Just popping in to show off our two bundles of joy. GP dog II, (the fluffy one), is growing more confident by the day; she's a real comic, with a character all her own. So different from the timid little creature that came to us in December. That said - the two foster famililes she'd been with previously had worked wonders; without their hard work we'd not have been able to get nearly as far as we have with her. We've gone down two routes with our dogs: the pedigree route with GP dog I. We were very fortunate there - he came from a reputable, loving, dedicated breeder, who unlike some, loved her dogs like children, had their best interests - not commercial gain - at heart and wouldn't for a moment have let her precious charges go to anything but a good home.
Come GP dog II, we went down the rescue path and began to learn about some of the horror stories behind the murky world of back street breeders, puppy farms and internet dealing. Fluffy dog we hope, may be one of the least damaged ones, relatively speaking. Relatively, because although we know little about her past in detail, we do know from the rescue that for the first four or five years of her life she was used for breeding. If you can imagine being taken from your mother, held down, forcibly impregnated, kept in disgusting conditions with little food, water, medical attention, no kindly human contact and made to churn out litter after litter of puppies. Rinse and repeat for the first half of your life, only to be 'disposed of' once you're no longer in fit state to be of any more economic use. And we'd best not go into details about what exactly 'disposal' entails.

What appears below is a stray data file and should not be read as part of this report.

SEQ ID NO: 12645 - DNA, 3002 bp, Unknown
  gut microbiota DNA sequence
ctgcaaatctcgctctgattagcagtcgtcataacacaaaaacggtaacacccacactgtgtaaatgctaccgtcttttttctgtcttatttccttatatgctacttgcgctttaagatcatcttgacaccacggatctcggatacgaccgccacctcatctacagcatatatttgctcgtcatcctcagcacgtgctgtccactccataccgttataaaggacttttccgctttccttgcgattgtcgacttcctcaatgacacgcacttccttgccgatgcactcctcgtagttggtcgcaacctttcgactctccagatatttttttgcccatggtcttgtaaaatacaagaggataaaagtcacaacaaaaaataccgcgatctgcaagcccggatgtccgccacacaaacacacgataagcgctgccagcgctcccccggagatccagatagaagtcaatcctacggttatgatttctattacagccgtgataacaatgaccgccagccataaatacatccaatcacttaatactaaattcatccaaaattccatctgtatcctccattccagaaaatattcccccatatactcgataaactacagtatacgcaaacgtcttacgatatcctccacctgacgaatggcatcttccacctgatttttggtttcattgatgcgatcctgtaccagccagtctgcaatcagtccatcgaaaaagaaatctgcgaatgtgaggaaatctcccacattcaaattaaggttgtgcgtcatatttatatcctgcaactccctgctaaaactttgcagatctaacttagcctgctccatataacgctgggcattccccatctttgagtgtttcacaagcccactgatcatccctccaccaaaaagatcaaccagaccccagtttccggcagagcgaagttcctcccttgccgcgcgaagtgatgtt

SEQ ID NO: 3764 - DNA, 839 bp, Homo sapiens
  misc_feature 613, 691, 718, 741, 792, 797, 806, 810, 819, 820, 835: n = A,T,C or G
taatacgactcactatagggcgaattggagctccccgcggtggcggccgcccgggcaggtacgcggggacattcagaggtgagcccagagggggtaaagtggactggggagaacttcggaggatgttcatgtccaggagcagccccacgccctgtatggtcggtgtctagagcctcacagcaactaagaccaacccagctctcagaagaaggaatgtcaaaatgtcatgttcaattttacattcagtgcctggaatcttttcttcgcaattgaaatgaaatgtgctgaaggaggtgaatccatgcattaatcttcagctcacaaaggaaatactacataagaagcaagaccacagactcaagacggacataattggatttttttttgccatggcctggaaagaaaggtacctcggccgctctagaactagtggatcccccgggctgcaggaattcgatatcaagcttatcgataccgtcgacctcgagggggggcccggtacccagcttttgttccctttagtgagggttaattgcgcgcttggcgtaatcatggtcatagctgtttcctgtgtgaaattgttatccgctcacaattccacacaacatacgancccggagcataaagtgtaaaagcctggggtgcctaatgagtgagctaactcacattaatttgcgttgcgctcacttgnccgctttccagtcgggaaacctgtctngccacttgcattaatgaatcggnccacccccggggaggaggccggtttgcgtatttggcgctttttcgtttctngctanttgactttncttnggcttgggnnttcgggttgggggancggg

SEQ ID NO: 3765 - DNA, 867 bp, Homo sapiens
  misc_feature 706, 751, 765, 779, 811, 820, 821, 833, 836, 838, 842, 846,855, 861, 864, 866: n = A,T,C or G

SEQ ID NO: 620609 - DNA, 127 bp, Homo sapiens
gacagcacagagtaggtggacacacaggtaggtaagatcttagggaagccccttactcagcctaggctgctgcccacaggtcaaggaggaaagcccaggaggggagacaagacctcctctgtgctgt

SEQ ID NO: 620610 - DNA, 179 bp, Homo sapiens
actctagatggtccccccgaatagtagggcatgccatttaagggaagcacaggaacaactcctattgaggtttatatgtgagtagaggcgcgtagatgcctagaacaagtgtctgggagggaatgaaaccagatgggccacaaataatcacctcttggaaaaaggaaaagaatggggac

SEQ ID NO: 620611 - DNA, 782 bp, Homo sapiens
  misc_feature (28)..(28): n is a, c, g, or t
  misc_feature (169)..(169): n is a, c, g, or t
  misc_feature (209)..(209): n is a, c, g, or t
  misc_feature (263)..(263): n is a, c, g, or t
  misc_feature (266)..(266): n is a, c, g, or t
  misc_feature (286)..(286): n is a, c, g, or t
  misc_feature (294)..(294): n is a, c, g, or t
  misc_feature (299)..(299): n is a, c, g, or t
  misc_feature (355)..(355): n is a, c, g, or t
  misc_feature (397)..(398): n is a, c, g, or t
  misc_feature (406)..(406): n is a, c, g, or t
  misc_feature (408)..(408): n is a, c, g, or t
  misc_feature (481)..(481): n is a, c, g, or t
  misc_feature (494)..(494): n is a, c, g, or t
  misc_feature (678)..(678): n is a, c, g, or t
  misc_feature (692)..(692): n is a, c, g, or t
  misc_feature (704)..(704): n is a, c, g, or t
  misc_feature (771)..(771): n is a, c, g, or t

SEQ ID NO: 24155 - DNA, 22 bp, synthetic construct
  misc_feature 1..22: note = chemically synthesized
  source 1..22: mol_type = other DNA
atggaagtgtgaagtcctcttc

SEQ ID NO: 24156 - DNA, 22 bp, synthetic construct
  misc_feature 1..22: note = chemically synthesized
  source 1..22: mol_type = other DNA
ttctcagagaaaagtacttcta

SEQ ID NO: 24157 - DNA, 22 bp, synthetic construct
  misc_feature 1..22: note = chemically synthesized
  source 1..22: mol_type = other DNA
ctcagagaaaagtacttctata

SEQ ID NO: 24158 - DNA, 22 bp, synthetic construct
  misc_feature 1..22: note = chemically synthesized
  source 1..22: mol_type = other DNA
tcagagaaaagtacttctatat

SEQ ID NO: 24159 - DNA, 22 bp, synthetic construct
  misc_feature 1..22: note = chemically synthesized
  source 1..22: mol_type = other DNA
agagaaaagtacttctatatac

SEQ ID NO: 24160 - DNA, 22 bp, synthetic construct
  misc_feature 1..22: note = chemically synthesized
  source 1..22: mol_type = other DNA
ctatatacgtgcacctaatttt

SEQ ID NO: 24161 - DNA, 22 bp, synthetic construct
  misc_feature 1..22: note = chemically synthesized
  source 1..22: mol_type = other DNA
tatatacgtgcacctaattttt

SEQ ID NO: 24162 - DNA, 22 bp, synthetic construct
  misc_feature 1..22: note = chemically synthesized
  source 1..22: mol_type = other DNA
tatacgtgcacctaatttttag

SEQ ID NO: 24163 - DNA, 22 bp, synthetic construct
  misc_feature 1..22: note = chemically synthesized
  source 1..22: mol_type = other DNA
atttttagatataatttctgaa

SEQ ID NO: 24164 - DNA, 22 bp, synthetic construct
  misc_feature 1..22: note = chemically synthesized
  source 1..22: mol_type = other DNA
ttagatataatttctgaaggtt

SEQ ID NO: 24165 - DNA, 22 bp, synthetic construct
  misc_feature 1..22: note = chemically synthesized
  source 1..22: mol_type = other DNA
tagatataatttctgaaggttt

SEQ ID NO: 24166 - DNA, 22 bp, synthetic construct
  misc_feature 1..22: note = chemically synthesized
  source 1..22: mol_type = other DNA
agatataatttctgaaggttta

Enter the organisations who rescue the 'lucky' ones. Fluffy dog was quite unusual, I think, in that she was discovered to be pregnant whilst she was in rescue, so was able to have her final litter in a proper, loving home environment. (Not ours, I might add - think our cat might have packed up and left home if he'd been faced with four little fluffballs!) So far so good, she's not as yet suffered any major health niggles, as so many rescue pooches do, sadly. And, though not perfect (what dog ever is?), she seems to be remarkably free of behavioural problems. Sadly, that's not always the case.
'Our' rescue drew our attention to another little rescue dog - Susie-Belle. She even has her own blog: Susiefoodie where you can read her story and learn more about some of the work being done to try to stamp out the puppy farm trade.